We are going to add recipes to the website using produce that can be purchased from the Farmers' Market. We would be delighted if you would like to submit some of your favourites.
Salmon baked with Pesto.
Ingredients (Serves two):
2 fresh salmon fillets (from Mackerel Mal)
Sun Dried Tomato and Walnut Pesto (from Tregwylim)
Seasonal greens (from Riverside Veg)
Preheat the oven to 200°C (180°C Fan). Place the fillets in the centre of a piece of baking foil and spread the pesto over them. Add a knob of butter and fold up the edges to make a parcel, leaving room around the salmon. Put onto a baking tray and stand aside ready. Slice the potatoes, usually one per person, and lay out in a ovenproof dish. The thinner the potatoes are sliced, the more quickly they will cook. Slice the onion and sprinkle over the potatoes. Drizzle over a little Olive Oil and season to taste. Both dishes can now be placed in the preheated oven for 20 minutes. When ready, carefully undo the salmon parcel (there will be escaping steam, so please beware) and transfer the fillets to a plate along with the potatoes and seasonal veg of your choice.
The Vale Farmers' Market Food Court will once again be one of the main attractions at the Vale of Glamorgan Show this year, on Wednesday 10th August 2016. This has proved to be one of the stand out events over the last two years, and goes from strength to strength every year.
All exhibitors must be from within Wales, and priority will be given to local producers and members of The Vale of Glamorgan Farmers’ Market. The Food court will be arranged around three sides with only one entrance/exit and a central space for people to sit and enjoy their food, and with a childrens play area in the centre. Once again we will be having cooked food stalls where the public can come and buy their lunch, and enjoy truly local produce. The cooked food stalls are restricted to 6 with 1 ice cream seller and 1 tea/coffee. Priority will be given to Vale of Glamorgan Primary producers, while ensuring a good range of foods.
Those selling alcohol must have a personal licence, the Food Court itself will not be licensed so alcohol for sale is for consumption off the show field only. No alcohol can be sold by the glass.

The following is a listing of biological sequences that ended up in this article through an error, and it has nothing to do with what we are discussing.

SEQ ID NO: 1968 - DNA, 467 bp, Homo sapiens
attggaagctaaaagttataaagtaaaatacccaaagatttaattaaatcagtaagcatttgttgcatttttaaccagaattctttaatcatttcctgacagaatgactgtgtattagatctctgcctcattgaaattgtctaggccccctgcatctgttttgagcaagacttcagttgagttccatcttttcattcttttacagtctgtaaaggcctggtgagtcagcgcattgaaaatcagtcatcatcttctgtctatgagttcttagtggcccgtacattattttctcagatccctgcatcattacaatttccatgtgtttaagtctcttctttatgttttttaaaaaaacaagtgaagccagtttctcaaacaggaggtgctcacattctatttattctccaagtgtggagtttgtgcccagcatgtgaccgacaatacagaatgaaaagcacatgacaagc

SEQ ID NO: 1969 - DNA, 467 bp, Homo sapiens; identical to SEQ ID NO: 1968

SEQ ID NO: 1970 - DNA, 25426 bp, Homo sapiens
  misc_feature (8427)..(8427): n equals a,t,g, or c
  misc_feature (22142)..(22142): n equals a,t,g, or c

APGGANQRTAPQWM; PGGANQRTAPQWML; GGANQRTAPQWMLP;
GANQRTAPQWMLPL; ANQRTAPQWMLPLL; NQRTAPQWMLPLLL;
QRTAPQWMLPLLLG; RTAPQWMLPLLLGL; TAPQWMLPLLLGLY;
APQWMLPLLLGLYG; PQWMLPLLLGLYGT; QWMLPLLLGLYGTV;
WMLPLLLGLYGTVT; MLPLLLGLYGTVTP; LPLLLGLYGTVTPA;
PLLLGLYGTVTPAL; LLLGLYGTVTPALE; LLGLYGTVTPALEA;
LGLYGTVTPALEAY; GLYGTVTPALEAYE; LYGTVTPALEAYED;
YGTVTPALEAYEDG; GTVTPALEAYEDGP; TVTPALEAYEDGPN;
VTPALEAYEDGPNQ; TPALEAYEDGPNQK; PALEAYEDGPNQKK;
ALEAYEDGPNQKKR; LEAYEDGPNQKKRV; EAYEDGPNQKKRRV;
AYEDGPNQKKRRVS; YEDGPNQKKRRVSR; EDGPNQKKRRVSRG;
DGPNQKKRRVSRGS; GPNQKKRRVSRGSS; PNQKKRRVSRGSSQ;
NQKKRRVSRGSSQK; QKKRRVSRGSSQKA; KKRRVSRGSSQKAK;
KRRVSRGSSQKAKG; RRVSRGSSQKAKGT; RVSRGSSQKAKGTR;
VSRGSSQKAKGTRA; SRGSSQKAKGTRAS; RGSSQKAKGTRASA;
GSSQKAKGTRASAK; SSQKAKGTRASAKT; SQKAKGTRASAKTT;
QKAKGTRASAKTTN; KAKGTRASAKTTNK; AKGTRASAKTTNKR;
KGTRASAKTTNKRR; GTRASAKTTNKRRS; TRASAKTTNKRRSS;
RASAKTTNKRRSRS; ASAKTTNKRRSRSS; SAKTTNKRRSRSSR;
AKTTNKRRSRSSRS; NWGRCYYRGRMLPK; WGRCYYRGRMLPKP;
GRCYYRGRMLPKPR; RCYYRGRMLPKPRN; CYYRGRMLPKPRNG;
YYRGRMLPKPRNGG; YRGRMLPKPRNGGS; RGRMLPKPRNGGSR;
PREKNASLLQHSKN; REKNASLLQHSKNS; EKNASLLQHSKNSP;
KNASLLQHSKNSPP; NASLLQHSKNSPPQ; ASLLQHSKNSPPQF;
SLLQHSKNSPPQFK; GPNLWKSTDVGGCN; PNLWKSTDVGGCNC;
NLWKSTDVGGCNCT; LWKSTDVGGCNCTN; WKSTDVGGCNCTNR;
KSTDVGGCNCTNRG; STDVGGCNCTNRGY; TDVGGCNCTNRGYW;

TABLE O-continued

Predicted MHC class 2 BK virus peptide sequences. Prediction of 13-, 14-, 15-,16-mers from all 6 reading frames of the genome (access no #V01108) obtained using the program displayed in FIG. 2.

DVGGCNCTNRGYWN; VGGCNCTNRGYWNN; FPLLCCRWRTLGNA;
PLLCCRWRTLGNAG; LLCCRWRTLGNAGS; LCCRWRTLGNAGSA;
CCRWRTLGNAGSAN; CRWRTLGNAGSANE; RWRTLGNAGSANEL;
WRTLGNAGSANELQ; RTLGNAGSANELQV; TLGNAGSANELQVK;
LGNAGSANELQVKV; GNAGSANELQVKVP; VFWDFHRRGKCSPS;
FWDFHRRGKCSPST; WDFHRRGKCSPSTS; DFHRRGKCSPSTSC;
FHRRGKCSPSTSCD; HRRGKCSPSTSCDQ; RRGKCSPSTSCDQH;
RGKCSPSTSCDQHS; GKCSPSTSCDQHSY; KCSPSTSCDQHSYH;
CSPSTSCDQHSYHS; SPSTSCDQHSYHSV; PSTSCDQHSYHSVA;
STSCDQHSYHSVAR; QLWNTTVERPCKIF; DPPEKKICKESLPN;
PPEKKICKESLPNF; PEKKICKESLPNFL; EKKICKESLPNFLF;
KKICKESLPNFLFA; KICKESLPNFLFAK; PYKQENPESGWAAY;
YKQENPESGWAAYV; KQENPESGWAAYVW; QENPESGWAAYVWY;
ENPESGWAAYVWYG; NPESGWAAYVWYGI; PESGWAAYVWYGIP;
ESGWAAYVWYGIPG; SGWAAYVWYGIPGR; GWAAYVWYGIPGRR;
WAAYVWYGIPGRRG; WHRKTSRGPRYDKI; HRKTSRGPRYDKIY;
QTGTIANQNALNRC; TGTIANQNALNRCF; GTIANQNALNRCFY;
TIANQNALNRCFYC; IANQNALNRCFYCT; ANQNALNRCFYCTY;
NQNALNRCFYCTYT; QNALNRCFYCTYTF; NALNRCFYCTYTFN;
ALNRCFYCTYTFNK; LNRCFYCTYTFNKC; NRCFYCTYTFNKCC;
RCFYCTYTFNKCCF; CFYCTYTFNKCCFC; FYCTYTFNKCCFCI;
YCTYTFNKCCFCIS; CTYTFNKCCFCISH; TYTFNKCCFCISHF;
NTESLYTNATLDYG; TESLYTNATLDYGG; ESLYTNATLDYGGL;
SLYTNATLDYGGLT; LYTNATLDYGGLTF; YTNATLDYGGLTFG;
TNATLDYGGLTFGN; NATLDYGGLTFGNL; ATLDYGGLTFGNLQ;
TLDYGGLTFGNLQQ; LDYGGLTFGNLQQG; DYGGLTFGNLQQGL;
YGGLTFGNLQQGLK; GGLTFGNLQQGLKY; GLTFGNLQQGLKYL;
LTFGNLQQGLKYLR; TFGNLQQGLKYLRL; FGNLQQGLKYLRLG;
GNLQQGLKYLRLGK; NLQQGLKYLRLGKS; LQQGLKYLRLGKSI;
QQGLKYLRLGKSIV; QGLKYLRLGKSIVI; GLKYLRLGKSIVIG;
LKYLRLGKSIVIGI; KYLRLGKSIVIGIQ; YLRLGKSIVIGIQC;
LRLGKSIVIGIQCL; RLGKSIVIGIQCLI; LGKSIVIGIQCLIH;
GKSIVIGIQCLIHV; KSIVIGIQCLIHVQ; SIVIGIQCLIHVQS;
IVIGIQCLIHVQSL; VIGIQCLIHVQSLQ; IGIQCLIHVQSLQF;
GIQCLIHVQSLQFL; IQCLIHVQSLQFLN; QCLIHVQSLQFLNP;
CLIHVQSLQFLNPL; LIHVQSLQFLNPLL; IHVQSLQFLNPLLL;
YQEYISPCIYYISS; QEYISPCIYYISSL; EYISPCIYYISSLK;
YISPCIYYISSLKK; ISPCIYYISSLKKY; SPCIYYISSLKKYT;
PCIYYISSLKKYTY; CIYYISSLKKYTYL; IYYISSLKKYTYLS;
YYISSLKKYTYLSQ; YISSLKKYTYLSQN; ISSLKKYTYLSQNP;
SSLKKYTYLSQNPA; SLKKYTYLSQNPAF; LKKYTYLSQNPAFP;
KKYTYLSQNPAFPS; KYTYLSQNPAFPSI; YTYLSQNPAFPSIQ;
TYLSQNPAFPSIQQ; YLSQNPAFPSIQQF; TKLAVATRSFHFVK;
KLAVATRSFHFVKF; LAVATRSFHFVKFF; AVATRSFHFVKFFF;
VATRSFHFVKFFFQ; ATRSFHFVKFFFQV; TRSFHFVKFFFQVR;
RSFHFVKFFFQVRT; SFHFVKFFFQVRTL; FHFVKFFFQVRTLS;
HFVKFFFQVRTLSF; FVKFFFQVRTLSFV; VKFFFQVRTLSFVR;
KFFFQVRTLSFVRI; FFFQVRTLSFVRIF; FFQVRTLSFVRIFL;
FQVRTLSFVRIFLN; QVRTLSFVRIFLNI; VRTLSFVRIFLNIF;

If you would like to be part of this great event, please download an expression of interest form from the link below and return asap.
Thanks to Illtud, one of our farmers' market shoppers for sharing his scotch egg recipe with us.
Scotch eggs could well be a staple of your food intake for the week, part of your children’s lunchbox, in your fridge to snack on between meals, but have you ever thought about making them yourself. Tair Onnen resident Illtud Dafydd explains his Scotch Egg recipe, using only produce bought from our Cowbridge Farmer’s Market.
I’ve been making scotch eggs for a couple of years now, I was living in France and believe it or not the Scottish delicacy could not be found anywhere in a small town of no more than 20,000 people in the centre of France, so I went ahead to make a batch. My recipe hasn’t changed at all since those days but the produce I’ve used since there has evolved from the marché near Clermont-Ferrand to Cowbridge’s farmers market. First up I bought 480 grams of pork sausage meat from Caermynydd, the Penuwch prodcuer are always a reliable source of high quality, delicious pork produce that are often found at vale markets as well as other markets across Wales. You could by a pack of sausages but I find buying sausage meat in one pack is easier to prepare with, which I’ll come to later. Buying half a dozen pullet eggs from Tyncala was the next stop at £1.50 for six which would end up making twelve scotch eggs. You can, as I have in the past experimented with duck eggs as well as hen eggs, the duck eggs have a richer texture which gives the Scotch Egg a richer texture.